Fed raises interest rate

Discussion in 'Business & Economics' started by Saint, Mar 16, 2017.

  1. Saint Valued Senior Member

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    1. Will it push up or low the US dollar?
    2. Wall street will go higher or lower?
    3. Inflation rate will be higher or lower?
    4. More or less FDI flowing into America?
     
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  3. sculptor Valued Senior Member

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    Usually, higher interests rates elevate the value of the currency-------so far, this time, this ain"t true.
    Inflation is a tricky beasty which has a lot to do with psychology.

    Old saw "do not fight the fed" usually translates to rising interest rates = lower stock prices.
     
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  5. joepistole Deacon Blues Valued Senior Member

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    1) It will push up the value of the dollar.
    2) It will slow the economic growth rate. Therefore, overall it will lessen the stock appreciation rate. But there is no reason to expect stock prices will go lower. If the economy is as strong as the Federal Reserve believes it is, stock prices will continue to increase in value but at a lesser rate than otherwise would have been expected. And not all stocks are affected in the same way. Financial stocks generally benefit from increases in interest rates as they charge higher interest rates. Bonds and bond equivalent stocks (e.g. preferred stocks, REITS, etc.) are hurt by increases in interest rates. Their prices fall when interest rates rise.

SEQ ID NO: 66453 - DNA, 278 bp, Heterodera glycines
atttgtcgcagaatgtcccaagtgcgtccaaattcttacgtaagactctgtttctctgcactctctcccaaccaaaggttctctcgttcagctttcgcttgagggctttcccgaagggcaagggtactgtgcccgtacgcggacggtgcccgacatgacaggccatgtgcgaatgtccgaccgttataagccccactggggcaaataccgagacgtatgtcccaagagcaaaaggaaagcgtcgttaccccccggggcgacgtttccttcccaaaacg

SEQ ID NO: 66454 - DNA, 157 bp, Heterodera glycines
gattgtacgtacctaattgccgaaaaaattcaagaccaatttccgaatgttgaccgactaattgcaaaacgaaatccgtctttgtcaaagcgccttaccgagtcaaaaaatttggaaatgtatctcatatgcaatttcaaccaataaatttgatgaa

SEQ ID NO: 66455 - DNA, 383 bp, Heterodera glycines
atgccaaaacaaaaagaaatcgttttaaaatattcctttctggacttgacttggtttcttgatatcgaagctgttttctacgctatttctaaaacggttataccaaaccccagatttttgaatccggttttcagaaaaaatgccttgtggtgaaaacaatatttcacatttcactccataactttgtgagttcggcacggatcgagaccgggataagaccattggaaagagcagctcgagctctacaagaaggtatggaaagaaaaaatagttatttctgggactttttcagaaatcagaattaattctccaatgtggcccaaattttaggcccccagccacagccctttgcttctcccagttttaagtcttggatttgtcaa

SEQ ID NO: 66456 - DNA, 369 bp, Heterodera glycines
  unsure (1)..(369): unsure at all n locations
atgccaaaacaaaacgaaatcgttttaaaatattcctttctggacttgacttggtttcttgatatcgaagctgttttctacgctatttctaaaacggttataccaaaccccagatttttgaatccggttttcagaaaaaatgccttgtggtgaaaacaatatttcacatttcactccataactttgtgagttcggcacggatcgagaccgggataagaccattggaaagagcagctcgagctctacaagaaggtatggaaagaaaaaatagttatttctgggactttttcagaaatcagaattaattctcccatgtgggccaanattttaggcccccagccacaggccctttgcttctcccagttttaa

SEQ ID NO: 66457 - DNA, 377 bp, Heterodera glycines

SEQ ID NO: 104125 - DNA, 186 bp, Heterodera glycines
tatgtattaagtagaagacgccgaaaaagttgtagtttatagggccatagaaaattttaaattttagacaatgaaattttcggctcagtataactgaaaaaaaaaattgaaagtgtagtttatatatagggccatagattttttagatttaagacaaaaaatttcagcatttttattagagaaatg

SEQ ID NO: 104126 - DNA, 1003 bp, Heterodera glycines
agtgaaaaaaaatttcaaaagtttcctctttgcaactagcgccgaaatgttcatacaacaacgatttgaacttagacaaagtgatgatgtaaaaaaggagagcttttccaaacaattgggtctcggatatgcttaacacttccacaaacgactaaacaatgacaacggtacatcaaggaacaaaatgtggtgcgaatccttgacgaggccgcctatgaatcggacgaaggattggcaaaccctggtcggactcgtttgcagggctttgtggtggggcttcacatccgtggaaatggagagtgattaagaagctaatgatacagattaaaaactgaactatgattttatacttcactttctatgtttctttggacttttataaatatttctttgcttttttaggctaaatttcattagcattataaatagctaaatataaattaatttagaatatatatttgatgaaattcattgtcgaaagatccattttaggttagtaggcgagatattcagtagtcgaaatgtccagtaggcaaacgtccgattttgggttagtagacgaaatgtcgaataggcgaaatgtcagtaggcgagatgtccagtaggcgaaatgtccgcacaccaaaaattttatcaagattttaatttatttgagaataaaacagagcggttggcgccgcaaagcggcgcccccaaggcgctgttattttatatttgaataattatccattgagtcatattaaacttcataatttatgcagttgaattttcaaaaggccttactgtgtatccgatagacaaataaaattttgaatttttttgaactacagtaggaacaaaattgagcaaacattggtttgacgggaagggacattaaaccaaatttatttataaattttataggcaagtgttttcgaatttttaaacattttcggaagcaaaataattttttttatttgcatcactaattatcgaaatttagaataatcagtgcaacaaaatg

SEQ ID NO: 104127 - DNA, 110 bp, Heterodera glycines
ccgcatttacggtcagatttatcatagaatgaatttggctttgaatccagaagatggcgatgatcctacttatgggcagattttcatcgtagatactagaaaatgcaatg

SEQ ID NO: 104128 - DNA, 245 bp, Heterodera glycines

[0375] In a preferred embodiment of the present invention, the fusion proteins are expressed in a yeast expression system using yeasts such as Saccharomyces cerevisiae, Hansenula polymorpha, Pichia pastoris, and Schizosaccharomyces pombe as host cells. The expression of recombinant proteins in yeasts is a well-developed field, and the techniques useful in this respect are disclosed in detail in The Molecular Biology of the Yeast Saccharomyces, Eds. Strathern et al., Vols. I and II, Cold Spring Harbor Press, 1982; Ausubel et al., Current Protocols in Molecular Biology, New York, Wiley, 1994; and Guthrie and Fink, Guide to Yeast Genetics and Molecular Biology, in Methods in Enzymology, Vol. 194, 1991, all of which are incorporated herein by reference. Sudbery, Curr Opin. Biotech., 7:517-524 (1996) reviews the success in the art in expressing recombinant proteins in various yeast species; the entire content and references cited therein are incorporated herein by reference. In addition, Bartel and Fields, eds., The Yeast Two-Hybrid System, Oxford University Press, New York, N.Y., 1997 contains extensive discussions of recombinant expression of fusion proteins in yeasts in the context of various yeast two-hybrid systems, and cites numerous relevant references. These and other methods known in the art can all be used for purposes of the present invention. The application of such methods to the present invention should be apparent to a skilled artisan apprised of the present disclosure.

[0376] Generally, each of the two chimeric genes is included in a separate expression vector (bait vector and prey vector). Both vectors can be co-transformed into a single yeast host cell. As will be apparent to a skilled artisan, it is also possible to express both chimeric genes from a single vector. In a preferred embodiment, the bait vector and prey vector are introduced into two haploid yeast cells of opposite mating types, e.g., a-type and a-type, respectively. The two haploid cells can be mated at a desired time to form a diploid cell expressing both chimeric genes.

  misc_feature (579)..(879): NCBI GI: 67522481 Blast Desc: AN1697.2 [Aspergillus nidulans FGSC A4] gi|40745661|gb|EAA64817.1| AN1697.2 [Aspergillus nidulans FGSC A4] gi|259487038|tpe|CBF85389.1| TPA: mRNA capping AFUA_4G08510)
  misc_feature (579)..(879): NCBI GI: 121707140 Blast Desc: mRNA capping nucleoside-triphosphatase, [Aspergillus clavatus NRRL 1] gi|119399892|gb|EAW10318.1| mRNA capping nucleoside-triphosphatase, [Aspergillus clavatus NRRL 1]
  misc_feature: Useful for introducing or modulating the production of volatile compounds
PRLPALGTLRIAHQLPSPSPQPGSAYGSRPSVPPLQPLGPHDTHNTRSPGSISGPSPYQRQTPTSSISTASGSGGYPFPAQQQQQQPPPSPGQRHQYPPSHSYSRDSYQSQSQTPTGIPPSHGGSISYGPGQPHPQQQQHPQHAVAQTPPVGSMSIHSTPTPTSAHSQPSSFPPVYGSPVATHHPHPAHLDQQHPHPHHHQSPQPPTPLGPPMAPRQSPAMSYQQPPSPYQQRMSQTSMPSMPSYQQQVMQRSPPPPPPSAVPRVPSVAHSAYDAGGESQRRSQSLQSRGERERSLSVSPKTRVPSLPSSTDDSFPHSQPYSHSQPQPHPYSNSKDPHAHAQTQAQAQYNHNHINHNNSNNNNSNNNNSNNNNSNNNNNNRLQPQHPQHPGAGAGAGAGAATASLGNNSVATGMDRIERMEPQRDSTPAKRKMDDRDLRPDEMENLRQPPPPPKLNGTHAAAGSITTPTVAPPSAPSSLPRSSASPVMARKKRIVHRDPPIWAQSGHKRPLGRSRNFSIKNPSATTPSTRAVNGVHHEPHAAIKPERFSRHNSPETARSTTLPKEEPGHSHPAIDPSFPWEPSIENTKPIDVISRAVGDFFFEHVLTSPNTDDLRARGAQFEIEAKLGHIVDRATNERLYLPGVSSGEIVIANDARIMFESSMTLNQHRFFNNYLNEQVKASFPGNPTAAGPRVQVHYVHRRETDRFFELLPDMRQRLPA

3) Increasing interest rates slows inflation. It has the same effect as reducing the money supply. Whether inflation will be higher or lower in the future depends on many things. Rising interest rates doesn't mean you won't have higher inflation in the future. But rising interest rates will lessen inflationary pressures.
    4) Higher interest rates will mean more foreign investment. That's why the value of the dollar increases when interest rates rise.
     
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  7. joepistole Deacon Blues Valued Senior Member

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    I don't know where you get that. We have had 2 interest rate increases within the last 6 months and the value of the dollar has increased as evidenced by the chart below:


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    No it has to do with supply and demand, i.e. too much currency chasing too few goods and services.

    That's not true. It slows the economic growth rate. So it slows the appreciation growth rate. But it doesn't mean stock prices will be lower in the future for all stocks. As I mentioned previously, not all stocks are affected in the same way. If some stocks will benefit, e.g. banks, and some stocks will be hurt, e.g. bond equivalent stocks. Bond and other debt holders will be hurt by increases in interest rates. Bond and debt prices will fall when interest rates rise.
     

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